egg-free

Recipe: Spiced Seed & Honey Granola (gluten-free, nut-free, low sugar)

Seedy Granola

So many packaged or bulk granolas have glutenous ingredients, are packed full of nuts (I'm allergic to almost all of them), are waaaay too sweet for my tastes, or have more dried fruit than I like. And thus, I prefer making my own granola. Not only is it cheaper, but I can make it fit my tastes and dietary restrictions perfectly! Here's a recipe I'm making a lot lately. It boasts a variety of seeds (pumpkin, sunflower, sesame, and flax) as well as coconut, honey, spices, vanilla, and raisins. As for the fat, I love using coconut oil in granola; it lends a wonderfully sweet flavor and fragrance. With a splash of coconut milk or a dollop of Greek yogurt, it makes a great energy-packed breakfast or snack. 

Spiced Seed & Honey Granola (gluten-free, nut-free, low sugar)

yield: 7-8 cups

This granola is very lightly sweetened with honey. I love the subtle sweetness in combination with the roasty toasty oats and seeds. If you prefer a sweeter granola, feel free to up the quantity of sweetener to 1/2 or 2/3 cup, to fit your tastes. It will still work a-okay, but based on my experiences, it will need to bake just a little longer due to the extra moisture. 

Ingredients

  • 4 cups gluten-free rolled oats
  • 1 cup coconut chips
  • 1 cup raw sunflower seeds
  • 1 cup raw pumpkin seeds
  • 1/4 cup sesame seeds
  • 1/4 cup ground flax seeds
  • 1 1/4 teaspoon sea salt
  • 1 1/4 teaspoon ground cinnamon
  • 1/4 teaspoon ground cardamom
  • 1/4 cup honey
  • 1/4 cup + 2 tablespoons melted coconut oil
  • optional: 1 teaspoon gluten-free vanilla extract
  • 1 cup raisins

Directions

Pre-heat oven to 325º F and line two large baking sheets with parchment paper. 

In a large bowl, mix together oats, coconut chips, seeds, salt, and spices. Set aside. 

In a small saucepan on the stovetop, melt together honey and coconut oil over low heat, stirring often, until liquid. Stir in vanilla extract, if using. Pour liquid mixture over dry ingredients and stir until evenly coated.

Divide granola between baking sheets and spread evently in a thin layer over surface. Place in pre-heated oven and bake for 15 minutes. Remove pans from oven, stir granola, and place pans back in oven on opposite shelves. Bake another 15 minutes, until golden brown.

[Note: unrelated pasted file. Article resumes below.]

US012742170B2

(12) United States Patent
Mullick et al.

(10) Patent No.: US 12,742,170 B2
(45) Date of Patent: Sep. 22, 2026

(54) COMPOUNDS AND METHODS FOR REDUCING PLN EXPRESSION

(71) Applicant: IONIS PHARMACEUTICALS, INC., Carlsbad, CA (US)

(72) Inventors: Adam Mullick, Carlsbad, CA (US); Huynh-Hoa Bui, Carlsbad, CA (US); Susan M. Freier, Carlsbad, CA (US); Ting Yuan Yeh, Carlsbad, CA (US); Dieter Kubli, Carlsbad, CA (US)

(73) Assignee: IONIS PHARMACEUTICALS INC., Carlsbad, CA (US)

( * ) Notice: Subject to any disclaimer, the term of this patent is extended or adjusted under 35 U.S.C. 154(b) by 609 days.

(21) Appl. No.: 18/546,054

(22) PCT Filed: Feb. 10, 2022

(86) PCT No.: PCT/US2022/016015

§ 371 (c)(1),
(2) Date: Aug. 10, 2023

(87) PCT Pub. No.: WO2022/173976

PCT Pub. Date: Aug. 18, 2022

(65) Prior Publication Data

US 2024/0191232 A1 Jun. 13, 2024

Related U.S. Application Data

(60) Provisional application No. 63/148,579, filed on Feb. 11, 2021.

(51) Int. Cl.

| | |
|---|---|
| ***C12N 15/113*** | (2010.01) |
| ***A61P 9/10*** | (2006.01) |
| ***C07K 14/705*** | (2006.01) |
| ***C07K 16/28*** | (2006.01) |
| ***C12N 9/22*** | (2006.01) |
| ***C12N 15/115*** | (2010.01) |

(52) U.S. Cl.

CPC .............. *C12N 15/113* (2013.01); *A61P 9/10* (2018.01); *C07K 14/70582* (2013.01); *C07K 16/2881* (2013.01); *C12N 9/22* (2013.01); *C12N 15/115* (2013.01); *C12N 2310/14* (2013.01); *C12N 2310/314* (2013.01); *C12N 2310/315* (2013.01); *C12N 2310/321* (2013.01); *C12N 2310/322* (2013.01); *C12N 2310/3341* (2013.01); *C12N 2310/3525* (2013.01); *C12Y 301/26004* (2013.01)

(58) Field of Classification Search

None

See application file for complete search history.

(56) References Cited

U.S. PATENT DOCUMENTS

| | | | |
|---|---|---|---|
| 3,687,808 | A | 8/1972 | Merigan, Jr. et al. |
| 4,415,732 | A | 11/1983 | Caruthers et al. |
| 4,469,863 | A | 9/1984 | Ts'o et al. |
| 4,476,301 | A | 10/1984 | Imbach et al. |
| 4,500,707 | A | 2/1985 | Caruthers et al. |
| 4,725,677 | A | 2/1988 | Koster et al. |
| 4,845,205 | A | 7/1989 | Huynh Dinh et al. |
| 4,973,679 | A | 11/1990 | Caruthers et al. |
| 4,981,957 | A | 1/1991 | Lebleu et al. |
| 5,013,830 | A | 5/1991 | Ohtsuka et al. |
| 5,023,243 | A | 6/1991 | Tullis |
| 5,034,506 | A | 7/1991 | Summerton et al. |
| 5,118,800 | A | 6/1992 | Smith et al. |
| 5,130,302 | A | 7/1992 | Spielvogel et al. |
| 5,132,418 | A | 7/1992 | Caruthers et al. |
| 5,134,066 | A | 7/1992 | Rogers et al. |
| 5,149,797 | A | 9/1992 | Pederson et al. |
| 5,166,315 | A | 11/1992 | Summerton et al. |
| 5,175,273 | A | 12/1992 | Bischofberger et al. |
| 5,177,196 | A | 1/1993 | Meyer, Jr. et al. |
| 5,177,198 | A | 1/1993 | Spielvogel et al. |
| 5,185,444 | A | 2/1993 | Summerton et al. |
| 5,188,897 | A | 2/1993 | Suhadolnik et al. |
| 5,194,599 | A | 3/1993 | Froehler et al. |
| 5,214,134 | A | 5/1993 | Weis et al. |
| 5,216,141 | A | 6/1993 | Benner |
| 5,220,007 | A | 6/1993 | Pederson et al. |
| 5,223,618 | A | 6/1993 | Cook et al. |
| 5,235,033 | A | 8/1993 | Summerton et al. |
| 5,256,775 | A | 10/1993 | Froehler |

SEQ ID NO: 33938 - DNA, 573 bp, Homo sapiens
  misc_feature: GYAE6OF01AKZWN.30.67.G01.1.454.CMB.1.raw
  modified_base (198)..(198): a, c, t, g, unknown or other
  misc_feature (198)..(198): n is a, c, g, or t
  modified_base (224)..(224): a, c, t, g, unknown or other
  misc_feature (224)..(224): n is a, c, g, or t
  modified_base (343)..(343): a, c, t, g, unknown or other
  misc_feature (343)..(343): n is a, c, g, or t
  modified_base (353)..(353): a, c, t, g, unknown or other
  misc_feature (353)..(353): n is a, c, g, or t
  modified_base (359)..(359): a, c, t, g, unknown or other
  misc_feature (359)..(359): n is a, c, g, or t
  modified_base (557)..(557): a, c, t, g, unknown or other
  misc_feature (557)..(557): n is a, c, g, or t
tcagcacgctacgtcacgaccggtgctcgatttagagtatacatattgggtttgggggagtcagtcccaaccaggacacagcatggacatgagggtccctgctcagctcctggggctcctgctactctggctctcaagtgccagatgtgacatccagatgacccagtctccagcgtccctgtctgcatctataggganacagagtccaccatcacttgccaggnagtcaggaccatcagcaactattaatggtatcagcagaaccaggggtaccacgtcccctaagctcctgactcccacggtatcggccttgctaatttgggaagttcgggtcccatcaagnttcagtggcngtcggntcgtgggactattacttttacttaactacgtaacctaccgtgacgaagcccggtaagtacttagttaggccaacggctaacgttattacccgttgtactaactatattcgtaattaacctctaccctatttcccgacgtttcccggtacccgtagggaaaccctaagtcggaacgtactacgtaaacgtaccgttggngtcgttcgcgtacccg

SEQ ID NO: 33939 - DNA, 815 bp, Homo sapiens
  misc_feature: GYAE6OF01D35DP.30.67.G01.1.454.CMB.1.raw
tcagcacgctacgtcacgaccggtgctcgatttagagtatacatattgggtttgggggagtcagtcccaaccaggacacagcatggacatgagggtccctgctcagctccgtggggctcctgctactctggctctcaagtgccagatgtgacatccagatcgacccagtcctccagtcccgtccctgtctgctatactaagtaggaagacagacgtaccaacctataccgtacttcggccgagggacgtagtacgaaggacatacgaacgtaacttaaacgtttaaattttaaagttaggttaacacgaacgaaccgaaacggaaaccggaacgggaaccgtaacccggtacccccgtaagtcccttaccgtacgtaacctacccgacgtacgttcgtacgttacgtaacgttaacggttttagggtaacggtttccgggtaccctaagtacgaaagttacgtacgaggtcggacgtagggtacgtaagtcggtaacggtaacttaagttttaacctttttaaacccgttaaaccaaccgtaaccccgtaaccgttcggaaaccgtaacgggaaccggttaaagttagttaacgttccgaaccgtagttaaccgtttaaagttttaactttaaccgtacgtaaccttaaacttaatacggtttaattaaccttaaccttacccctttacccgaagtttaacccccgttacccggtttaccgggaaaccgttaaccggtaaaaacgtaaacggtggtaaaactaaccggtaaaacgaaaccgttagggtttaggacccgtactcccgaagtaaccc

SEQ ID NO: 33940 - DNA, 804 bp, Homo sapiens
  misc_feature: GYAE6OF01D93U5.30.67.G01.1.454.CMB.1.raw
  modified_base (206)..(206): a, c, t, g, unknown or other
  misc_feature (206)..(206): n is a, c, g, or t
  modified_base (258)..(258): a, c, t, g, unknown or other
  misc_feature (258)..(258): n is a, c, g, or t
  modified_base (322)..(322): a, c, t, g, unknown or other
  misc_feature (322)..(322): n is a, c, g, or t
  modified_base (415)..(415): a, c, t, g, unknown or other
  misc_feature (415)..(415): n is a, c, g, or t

Remove pans from oven and let cool completely. Granola will crisp as it cools.

Once cool, store in sealed jars or containers. Will keep for 2 weeks.  

Substitution options:

  • Substitute raisins with any other dried fruit.
  • Substitute honey with other liquid sweetener (maple syrup, agave nectar, brown rice syrup). Keep in mind each one has a different intensity of sweetness, so it may be less - or more - sweet depending on your substitution. 
  • Substitute coconut oil with another oil, such as sunflower oil
  • Substitute sunflower and pumpkin seeds with any type of nut
  • Substitute sesame seeds with hemp seeds
  • Play with other spices, such as nutmeg or ground ginger 

*The information provided on this site is intended for your general knowledge only and is not a substitute for professional medical advice or treatment for specific medical conditions. You should not use this information to diagnose or treat a health problem or disease without consulting with a qualified healthcare provider. Please consult your healthcare provider with any questions or concerns you may have regarding your condition.

*Heads up! This post may contain some affiliate links. If you buy something through one of those links you won't pay a single cent more, but I'll get a small commission that helps keep the content flowing. P.S. I only recommend products I use in my own daily life!

Recipe: Who needs potatoes when you have Parsnip Apple Mash?

Recipe: Who needs potatoes when you have Parsnip Apple Mash?

IMG_3744.jpg

I haven't eaten potatoes in almost 4 years. Although I undeniably enjoy the starchy goodness of a potato and the multiplicity of ways to enjoy them, consuming them just isn't worth the allergy-induced joint swelling and digestive discomfort that inevitably results. 

Instead of mourning over the loss of potatoes, I found solace in other starchy vegetables. Sweet potatoes have always reigned supreme over any other true potato in my book, and I enjoyed a reason to romance their sweet, orange flesh. I adopted my mother's love for parsnips and beets at a young age, and explored their versatility further, quickly becoming obsessed with their different yet equally sweet flavors and hearty textures. I explored the glory of the celeriac, the gnarly vegetable that is also known as celery root, and took a liking to its unique, strong flavor. I tried every squash I could get my hands on, and prepared it almost every way I could think of. I mashed cauliflower to use as a topping for shepherd's pie, made creamy pureed soups from turnips, and made french fries out of rutabagas and carrots. 

Truly, I haven't missed potatoes a bit. 

Recipe: No-Bake Sweet Potato Pie (gluten-free, vegan, low-sugar, grain-free, nut-free)

No-Bake Sweet Potato Pie

The original recipe for this pie was published in my 2011 recipe calendar A Year to Eat Freely. It was a really fun recipe project that I had for sale through Etsy. While I won't be publishing another calendar for 2012, I really enjoyed the learning process and experience of creating the first calendar. 

I made a few tweaks to the original recipe and wanted to share it with you. It is different than a traditonal sweet potato pie that is baked, but has its own distinctive flavor and texture that is very good. It would be perfect for your holiday table. 

No-Bake Sweet Potato Pie

yield 1 8- or 9-inch pie

Filling

  • 3 cups cooked sweet potato puree (from about 2 1/2 pounds sweet potato, or 3 large)
  • 1 1/4 milk full fat coconut milk or other non-dairy milk (a fattier milk like nut milk or hemp milk is better)
  • 1 teaspoon agar agar powder or 1 teaspoon unflavored powdered gelatin
  • 1 tablespoon melted coconut oil, ghee, or other neutral-tasting oil
  • 1 teaspoon gluten-free vanilla extract
  • 30-40 drops plain or vanilla stevia liquid